“In theory it was a transitional stage but it was hard. The road went up and down, and we were riding into a headwind for most of the day. The peloton was very nervous, and it was fast, with the three-man breakaway up the road. So far, something has happened almost every day: a crash or a puncture. I'm very happy because I got through the stage safely and arrived in Lugano, where I live, on my home roads. Yesterday was much more wearing than I would have liked, but I'm one day closer to Milan”, tells Alberto Contador after his trip to the podium.
Chris Juul-Jensen, one of the Tinkoff-Saxo riders that have spent hours at the front of the pack in this Giro d’Italia, notes that the adrenaline kick from defending the pink jersey keeps him going.
“I’m starting to feel the exhaustion creeping up slowly but I think that the adrenaline you’re feeling when riding in defense of the jersey is something that will enable me to reach Milano in one piece. Today, it was the best outcome for us and once again a stage like this proves that there are no easy stages during this Giro”, says Chris Juul-Jensen and adds:
“Although it looked on paper to be a transition stage before tomorrow’s harder stage, it still hurt in the legs for everybody also considering the stage we tackled yesterday. But I think we did well and kept Alberto out of trouble and he was hopefully able to rest a bit before he probably has to be there again tomorrow”.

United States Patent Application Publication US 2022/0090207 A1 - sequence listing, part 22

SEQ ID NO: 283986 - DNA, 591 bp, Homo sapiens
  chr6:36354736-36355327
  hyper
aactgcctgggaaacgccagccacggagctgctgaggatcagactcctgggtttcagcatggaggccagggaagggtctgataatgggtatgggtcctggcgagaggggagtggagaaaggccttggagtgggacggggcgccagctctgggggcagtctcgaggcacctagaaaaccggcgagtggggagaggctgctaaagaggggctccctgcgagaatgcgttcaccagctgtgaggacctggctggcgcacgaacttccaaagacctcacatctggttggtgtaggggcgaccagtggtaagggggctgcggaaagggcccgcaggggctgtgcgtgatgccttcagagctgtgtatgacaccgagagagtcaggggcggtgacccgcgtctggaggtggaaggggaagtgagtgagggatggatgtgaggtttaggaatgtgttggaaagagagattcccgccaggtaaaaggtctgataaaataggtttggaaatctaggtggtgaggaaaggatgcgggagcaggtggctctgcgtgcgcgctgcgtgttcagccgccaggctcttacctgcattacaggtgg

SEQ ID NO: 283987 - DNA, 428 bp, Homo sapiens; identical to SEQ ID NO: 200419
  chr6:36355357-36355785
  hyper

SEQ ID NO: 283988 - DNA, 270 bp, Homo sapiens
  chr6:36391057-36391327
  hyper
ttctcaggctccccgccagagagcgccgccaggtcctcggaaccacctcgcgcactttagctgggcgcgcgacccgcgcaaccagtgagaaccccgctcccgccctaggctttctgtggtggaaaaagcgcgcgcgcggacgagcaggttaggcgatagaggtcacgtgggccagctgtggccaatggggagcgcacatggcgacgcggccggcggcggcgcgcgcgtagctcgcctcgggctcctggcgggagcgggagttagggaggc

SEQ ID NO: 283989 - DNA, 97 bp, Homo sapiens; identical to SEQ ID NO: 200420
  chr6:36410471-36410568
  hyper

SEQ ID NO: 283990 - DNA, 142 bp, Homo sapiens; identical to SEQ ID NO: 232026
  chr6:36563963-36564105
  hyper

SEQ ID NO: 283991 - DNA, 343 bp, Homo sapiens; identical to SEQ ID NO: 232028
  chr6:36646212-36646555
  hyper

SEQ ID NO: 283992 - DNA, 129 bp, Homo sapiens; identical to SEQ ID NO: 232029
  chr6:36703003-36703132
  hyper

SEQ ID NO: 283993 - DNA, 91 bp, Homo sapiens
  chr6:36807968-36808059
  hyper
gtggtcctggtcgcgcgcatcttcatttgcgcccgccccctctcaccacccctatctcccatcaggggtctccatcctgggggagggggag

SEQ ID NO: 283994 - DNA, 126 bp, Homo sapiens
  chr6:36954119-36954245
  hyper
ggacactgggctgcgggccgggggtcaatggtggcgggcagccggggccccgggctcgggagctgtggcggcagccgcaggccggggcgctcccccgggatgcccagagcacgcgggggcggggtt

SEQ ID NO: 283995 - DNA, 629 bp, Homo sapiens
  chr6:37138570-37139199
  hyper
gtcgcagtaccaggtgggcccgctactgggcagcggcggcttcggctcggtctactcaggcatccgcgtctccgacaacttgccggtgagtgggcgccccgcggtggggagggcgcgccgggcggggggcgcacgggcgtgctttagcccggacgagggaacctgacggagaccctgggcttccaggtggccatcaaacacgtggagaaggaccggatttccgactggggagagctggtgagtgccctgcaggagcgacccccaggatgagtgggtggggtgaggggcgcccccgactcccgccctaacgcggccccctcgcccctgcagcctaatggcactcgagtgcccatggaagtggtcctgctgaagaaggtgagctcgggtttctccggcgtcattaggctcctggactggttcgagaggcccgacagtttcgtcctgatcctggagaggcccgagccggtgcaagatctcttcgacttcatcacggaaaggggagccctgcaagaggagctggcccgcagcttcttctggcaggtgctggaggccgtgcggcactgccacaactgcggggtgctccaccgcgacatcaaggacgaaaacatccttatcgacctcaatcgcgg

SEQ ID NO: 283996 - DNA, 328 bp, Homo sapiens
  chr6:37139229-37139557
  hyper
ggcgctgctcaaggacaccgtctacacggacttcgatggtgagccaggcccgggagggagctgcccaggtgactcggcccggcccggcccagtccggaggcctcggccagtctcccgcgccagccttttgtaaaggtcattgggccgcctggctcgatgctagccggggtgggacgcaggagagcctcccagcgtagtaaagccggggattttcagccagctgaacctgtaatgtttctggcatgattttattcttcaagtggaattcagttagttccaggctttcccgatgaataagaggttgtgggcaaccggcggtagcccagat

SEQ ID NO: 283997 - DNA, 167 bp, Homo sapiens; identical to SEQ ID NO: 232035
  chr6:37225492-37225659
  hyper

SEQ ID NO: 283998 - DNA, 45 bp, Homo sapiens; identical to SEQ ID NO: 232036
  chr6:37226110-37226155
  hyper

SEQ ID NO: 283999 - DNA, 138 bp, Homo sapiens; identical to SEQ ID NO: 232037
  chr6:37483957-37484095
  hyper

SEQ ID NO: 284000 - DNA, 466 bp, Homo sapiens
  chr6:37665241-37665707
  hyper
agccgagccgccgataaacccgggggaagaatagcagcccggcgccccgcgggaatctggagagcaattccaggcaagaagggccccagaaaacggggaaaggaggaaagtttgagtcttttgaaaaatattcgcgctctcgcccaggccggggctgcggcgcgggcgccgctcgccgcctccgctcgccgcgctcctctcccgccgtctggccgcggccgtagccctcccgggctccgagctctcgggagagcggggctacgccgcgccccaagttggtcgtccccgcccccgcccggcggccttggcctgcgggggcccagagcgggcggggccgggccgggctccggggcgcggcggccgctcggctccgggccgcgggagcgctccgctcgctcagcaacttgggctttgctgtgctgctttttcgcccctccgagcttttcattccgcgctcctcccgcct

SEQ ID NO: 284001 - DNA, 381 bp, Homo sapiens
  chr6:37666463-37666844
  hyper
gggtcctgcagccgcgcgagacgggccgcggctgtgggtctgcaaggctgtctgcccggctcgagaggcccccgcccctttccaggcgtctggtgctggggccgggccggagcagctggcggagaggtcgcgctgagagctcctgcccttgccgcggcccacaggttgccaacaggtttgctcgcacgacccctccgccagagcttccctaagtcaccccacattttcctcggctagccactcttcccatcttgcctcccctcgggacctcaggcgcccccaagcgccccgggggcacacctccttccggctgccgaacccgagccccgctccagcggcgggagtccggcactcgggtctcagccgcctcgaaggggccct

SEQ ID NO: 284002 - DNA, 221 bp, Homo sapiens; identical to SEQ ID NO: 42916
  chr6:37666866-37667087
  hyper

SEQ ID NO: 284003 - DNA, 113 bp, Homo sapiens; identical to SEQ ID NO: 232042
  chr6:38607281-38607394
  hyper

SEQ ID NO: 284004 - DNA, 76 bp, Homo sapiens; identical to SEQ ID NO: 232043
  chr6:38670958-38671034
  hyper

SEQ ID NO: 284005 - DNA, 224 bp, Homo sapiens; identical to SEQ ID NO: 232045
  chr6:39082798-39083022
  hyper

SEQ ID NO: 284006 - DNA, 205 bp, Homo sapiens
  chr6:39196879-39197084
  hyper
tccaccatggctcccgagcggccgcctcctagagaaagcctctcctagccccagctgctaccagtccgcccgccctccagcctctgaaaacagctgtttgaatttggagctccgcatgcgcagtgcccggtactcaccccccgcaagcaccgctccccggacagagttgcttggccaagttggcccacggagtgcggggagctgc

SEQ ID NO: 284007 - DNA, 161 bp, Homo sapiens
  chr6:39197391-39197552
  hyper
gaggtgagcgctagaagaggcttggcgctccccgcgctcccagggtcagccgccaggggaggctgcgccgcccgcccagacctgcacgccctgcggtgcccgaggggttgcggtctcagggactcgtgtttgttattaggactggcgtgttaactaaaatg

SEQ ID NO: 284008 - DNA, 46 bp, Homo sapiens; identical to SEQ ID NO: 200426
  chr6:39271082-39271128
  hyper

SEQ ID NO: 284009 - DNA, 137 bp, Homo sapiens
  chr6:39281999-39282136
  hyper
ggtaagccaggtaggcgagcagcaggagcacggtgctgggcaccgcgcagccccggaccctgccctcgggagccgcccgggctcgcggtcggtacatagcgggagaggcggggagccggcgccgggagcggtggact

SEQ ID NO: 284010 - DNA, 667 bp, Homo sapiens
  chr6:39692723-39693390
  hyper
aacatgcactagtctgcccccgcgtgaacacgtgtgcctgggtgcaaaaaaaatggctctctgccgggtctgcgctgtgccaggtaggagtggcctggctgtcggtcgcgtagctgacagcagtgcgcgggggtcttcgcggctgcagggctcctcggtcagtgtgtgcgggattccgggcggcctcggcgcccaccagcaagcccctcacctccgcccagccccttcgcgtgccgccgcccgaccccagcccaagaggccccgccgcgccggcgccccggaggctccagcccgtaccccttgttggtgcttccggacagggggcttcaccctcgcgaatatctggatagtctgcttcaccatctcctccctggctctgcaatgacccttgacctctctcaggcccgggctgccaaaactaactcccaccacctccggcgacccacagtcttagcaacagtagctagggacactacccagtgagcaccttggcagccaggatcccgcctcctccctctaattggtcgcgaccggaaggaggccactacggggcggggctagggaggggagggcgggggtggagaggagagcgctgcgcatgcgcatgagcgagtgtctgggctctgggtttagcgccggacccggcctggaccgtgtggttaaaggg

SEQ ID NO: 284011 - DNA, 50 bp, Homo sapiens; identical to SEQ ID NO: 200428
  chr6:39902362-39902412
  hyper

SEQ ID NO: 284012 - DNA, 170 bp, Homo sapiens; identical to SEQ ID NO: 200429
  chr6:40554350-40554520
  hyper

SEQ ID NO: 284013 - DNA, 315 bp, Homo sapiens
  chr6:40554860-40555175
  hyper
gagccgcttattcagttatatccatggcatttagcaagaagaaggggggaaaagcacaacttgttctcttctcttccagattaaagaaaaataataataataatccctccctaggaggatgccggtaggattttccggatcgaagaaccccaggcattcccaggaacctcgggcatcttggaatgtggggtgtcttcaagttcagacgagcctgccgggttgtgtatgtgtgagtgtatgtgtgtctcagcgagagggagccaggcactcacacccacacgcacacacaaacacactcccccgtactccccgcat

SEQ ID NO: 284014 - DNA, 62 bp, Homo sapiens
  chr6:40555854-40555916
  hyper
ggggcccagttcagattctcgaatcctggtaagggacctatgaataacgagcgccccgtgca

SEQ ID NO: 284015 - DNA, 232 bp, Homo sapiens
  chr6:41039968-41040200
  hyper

LottoNL-Jumbo had this to report:
Nick van der Lijke was able to mix in the Giro d'Italia’s stage 17 sprint into Lugano today. The young Dutchman recorded a 10th place and the team’s GC captain, Steven Kruijswijk retained the mountain classification lead.
There were only KOM points at stake early on today, on the Teglio, a climb of the third category. The peloton afterwards travelled over relatively flat roads to the finish on Lake Lugano, where Sacha Modolo (Lampre-Merida) sprinted to the stage win.
Steven Kruijswijk finished the 17th stage in good order.
“It was a tough sprint,” Van der Lijke said after the stage. “Normally, I’d lead-out Moreno Hofland, but he was dropped earlier on. I shifted focus and went for my own chances. I’m glad I could sprint, but unfortunately, I had to close a gap in the run-up to sprint, which wore me out.”